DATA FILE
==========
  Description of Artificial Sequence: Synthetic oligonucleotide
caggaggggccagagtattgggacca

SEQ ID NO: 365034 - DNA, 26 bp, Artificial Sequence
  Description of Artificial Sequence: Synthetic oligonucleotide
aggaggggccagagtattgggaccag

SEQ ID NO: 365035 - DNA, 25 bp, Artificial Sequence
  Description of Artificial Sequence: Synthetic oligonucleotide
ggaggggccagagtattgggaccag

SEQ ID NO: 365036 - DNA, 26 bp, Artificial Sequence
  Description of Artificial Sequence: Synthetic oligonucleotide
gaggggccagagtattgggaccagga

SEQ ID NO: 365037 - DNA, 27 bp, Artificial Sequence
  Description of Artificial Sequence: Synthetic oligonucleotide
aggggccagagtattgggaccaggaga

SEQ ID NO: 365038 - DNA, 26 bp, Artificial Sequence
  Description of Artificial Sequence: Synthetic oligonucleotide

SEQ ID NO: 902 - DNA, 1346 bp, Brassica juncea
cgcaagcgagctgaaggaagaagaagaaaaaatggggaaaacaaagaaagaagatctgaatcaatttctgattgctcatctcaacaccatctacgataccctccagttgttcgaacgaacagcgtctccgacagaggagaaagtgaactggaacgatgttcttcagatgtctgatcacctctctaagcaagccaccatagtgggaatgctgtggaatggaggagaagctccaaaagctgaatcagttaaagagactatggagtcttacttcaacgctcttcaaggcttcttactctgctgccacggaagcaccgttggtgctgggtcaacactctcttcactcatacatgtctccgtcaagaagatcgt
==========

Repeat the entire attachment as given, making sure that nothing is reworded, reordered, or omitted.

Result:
  Description of Artificial Sequence: Synthetic oligonucleotide
caggaggggccagagtattgggacca

SEQ ID NO: 365034 - DNA, 26 bp, Artificial Sequence
  Description of Artificial Sequence: Synthetic oligonucleotide
aggaggggccagagtattgggaccag

SEQ ID NO: 365035 - DNA, 25 bp, Artificial Sequence
  Description of Artificial Sequence: Synthetic oligonucleotide
ggaggggccagagtattgggaccag

SEQ ID NO: 365036 - DNA, 26 bp, Artificial Sequence
  Description of Artificial Sequence: Synthetic oligonucleotide
gaggggccagagtattgggaccagga

SEQ ID NO: 365037 - DNA, 27 bp, Artificial Sequence
  Description of Artificial Sequence: Synthetic oligonucleotide
aggggccagagtattgggaccaggaga

SEQ ID NO: 365038 - DNA, 26 bp, Artificial Sequence
  Description of Artificial Sequence: Synthetic oligonucleotide

SEQ ID NO: 902 - DNA, 1346 bp, Brassica juncea
cgcaagcgagctgaaggaagaagaagaaaaaatggggaaaacaaagaaagaagatctgaatcaatttctgattgctcatctcaacaccatctacgataccctccagttgttcgaacgaacagcgtctccgacagaggagaaagtgaactggaacgatgttcttcagatgtctgatcacctctctaagcaagccaccatagtgggaatgctgtggaatggaggagaagctccaaaagctgaatcagttaaagagactatggagtcttacttcaacgctcttcaaggcttcttactctgctgccacggaagcaccgttggtgctgggtcaacactctcttcactcatacatgtctccgtcaagaagatcgt